I didn’t make apple crisp yet, though. (Don’t worry, I will!) I did, though, come up with a new crisp concoction that combines the best part of apple crisp – the sugary, crunchy, buttery topping- and the sweet bite of an apple cake. As much as I love the simplicity of apple crisp, I wanted to see where else crisp could go. I took a variation of my favorite blondie recipe and tweaked it, making an apple blondie base with this incredible topping. The blondie is really more cakey. This could be solved by omitting the baking powder, which I’ll try next time.

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It’s all very exciting.

You can throw this together super fast if you have a nifty apple peeler-corer-slicer combo, and you can pick one of those up for about $20. It’s definitely worth it if you have pounds upon pounds of apples lying around. I have a wine box full of apples right now.

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And please, have some of this for breakfast. It’s bound to make your morning a bit better!

Apple Crisp Blondies

For Blondies:

  • ½ cup (1 stick) unsalted butter, melted
  • 1 cup packed brown sugar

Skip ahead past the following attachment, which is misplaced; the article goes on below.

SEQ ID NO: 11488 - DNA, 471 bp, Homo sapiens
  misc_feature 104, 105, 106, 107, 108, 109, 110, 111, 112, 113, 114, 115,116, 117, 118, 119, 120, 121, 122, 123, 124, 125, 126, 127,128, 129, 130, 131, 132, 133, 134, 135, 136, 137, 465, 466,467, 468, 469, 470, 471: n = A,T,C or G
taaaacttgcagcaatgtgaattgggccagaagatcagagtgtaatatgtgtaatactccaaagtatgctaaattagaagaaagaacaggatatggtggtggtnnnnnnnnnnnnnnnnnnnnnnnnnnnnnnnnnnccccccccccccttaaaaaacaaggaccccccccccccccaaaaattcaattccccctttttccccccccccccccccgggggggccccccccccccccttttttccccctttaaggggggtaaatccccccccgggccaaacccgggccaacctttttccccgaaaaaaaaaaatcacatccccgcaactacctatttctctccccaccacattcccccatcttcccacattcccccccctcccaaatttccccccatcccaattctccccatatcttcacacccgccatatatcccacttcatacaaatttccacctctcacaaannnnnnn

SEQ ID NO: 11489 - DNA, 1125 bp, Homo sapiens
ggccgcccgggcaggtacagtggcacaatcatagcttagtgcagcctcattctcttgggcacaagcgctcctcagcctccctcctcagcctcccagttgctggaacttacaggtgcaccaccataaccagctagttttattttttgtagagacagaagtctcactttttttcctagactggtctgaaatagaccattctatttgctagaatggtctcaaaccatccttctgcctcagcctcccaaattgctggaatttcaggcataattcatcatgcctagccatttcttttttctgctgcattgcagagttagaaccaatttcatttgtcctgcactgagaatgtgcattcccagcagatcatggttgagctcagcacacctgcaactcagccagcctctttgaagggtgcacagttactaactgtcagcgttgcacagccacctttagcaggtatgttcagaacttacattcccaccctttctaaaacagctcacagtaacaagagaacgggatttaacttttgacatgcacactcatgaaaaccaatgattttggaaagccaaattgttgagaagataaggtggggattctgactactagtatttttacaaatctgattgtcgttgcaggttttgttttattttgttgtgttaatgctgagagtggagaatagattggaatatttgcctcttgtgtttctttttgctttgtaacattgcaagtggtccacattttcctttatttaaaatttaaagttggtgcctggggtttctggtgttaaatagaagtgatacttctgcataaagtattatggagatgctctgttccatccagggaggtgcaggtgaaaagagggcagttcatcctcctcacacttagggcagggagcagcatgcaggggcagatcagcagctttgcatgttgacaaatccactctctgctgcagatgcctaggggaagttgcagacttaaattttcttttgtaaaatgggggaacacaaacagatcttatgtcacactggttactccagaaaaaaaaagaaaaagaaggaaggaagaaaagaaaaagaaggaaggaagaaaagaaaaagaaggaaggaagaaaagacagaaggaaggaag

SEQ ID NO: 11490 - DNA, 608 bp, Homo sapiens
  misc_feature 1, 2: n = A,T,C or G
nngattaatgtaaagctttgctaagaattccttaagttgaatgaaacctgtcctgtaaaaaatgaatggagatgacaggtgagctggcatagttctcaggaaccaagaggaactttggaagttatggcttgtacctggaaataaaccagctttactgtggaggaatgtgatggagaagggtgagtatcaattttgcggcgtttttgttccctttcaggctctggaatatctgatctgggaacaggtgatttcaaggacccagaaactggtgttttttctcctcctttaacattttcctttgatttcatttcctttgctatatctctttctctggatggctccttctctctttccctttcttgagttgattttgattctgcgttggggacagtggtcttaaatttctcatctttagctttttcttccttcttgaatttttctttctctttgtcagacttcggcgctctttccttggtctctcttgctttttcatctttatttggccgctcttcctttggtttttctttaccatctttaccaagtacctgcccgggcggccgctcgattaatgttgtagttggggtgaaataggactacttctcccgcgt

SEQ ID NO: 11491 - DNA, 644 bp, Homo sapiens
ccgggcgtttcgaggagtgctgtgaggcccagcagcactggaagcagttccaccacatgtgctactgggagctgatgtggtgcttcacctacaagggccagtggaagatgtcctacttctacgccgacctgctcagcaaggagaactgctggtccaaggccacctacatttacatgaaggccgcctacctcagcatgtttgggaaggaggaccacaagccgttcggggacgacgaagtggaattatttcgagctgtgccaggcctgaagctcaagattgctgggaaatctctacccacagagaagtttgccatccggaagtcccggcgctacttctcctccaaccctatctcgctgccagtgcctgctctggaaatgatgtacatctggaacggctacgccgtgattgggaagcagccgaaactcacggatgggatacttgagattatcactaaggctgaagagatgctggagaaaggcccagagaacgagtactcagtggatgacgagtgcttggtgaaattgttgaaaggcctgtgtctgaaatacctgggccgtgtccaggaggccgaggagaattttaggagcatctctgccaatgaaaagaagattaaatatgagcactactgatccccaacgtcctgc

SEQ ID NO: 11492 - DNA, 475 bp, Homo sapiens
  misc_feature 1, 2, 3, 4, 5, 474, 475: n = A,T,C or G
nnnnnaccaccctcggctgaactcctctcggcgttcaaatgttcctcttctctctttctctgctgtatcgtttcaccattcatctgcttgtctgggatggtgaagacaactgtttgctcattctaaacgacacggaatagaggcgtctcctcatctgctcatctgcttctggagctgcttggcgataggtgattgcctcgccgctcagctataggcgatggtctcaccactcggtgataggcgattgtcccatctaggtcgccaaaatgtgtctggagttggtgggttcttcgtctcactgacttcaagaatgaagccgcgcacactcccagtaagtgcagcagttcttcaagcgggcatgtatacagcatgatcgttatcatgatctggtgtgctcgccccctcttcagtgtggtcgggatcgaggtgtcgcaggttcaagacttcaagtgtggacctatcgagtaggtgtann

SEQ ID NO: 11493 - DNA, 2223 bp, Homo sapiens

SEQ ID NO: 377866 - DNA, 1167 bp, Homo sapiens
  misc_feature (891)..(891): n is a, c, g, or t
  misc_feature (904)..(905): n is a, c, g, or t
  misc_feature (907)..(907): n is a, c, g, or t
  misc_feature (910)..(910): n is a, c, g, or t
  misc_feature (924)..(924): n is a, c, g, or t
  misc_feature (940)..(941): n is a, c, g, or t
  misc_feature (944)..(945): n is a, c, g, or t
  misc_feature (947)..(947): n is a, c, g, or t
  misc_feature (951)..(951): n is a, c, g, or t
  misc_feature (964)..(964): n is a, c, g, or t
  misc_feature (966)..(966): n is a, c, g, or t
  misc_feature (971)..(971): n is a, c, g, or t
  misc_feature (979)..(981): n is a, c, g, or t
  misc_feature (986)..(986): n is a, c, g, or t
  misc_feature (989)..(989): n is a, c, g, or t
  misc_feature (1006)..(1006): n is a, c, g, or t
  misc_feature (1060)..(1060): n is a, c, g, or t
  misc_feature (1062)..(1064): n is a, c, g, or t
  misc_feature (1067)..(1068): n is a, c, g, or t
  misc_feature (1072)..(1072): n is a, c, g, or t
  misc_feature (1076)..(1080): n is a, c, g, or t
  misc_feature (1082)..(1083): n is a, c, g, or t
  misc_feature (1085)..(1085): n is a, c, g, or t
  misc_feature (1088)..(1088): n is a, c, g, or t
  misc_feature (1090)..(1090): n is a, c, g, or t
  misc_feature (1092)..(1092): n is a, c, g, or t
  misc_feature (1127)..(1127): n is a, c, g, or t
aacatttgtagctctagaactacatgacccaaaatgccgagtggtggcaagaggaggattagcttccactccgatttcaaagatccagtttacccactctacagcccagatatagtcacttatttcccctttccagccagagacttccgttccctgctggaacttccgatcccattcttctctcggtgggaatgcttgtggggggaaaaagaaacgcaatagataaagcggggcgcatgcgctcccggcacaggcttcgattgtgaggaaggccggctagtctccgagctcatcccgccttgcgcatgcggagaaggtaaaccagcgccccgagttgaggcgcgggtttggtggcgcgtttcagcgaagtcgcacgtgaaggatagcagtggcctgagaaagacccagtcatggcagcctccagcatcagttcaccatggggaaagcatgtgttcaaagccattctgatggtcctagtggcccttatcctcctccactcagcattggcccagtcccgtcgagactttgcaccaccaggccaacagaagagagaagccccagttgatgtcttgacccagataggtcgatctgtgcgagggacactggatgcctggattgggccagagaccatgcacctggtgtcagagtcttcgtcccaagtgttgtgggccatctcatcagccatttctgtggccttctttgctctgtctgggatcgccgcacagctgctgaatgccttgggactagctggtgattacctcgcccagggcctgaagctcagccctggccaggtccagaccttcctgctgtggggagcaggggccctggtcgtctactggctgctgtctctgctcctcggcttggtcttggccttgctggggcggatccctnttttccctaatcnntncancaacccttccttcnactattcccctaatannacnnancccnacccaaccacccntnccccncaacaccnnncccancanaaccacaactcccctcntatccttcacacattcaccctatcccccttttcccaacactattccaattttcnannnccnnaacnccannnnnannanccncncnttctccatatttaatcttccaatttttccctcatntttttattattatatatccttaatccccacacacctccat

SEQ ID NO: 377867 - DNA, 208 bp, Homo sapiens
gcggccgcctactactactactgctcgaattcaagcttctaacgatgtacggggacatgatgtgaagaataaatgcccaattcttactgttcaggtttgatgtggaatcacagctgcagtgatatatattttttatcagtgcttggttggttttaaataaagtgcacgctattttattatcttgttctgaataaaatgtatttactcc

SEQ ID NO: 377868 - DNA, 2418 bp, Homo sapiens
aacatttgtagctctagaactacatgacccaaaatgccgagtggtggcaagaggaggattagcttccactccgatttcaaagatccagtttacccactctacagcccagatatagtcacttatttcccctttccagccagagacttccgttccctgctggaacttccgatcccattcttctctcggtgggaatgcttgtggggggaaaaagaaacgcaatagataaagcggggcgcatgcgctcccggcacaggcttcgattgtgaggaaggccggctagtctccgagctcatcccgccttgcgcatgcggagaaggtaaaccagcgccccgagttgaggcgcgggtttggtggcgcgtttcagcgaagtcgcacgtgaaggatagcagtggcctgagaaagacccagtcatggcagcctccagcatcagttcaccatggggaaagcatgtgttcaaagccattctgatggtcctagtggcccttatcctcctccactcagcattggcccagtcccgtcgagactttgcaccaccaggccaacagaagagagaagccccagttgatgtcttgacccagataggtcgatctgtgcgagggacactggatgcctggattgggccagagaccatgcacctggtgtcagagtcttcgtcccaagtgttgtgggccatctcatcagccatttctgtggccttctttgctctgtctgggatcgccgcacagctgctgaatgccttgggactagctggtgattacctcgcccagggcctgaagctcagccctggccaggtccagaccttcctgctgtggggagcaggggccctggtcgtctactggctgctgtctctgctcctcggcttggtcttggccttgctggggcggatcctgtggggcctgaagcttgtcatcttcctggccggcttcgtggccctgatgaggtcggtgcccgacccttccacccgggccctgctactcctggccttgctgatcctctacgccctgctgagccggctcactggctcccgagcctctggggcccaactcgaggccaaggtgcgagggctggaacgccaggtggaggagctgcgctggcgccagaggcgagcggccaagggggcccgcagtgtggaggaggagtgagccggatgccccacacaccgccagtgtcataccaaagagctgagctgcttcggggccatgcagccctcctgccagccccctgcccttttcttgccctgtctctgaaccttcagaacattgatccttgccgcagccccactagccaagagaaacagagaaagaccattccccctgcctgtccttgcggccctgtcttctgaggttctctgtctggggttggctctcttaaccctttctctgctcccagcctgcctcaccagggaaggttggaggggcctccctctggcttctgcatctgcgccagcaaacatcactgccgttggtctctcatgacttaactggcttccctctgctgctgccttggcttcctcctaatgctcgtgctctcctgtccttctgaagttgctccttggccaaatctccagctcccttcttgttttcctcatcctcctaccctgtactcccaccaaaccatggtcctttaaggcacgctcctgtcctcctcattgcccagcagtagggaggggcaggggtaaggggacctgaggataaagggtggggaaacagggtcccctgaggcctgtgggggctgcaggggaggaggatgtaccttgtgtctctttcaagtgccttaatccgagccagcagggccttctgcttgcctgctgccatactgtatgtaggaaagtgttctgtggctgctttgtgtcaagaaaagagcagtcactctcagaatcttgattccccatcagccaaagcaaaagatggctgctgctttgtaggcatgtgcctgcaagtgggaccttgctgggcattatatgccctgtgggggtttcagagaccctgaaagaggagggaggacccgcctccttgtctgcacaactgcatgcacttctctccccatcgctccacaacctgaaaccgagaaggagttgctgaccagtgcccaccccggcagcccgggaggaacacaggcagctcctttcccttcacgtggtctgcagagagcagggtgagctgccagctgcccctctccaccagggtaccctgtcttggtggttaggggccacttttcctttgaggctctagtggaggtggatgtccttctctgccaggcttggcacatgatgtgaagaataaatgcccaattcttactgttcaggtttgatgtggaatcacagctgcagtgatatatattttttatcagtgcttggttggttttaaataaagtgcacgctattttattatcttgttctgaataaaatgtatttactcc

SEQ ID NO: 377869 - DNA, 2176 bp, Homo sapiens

• 1 egg
  • 1 tsp vanilla extract
  • ½ cup chopped pecans
  • 2 medium apples, cored, peeled, diced
  • ½ cup chopped pecans
  • 1 tsp baking powder
  • ½ tsp salt
  • 1 tsp cinnamon

For Crisp Topping

  • ½ cup brown sugar packed
  • ½ cup oats (old fashioned or quick)
  • 3 tbsp flour
  • ¼ tsp cinnamon (or pumpkin pie spice)
  • 3 tbsp butter, melted

Preheat oven to 350, prepare a 9×9 greased baking pan (I used a 9 inch ceramic tart pan, and it worked wonderfully). Place parchment in bottom for easier release.

Prepare blondie batter:

In a medium bowl, wisk brown sugar and melted butter together until well blended (a minute or so). Wisk in the egg until well combined. Fold in the chopped apples and pecans. In another bowl, combine flour, baking powder, salt, and cinnamon together, and then slowly stir in to your apple mixture; the batter will be very thick.

Prepare Crisp:

Wisk brown sugar, oats, flour, and cinnamon together until well combine. Add in melted butter and wisk until mixture forms small clumps. Sprinkle mixture evenly on top of blondie batter, pressing down very lightly to adhere crumbs.

Bake for 42-45 minutes, letting blondies cool for at least 30 minutes before cutting. I cut mine into wedges, since I used a tart pan. Store these in the fridge – they’re good cold or warmed up.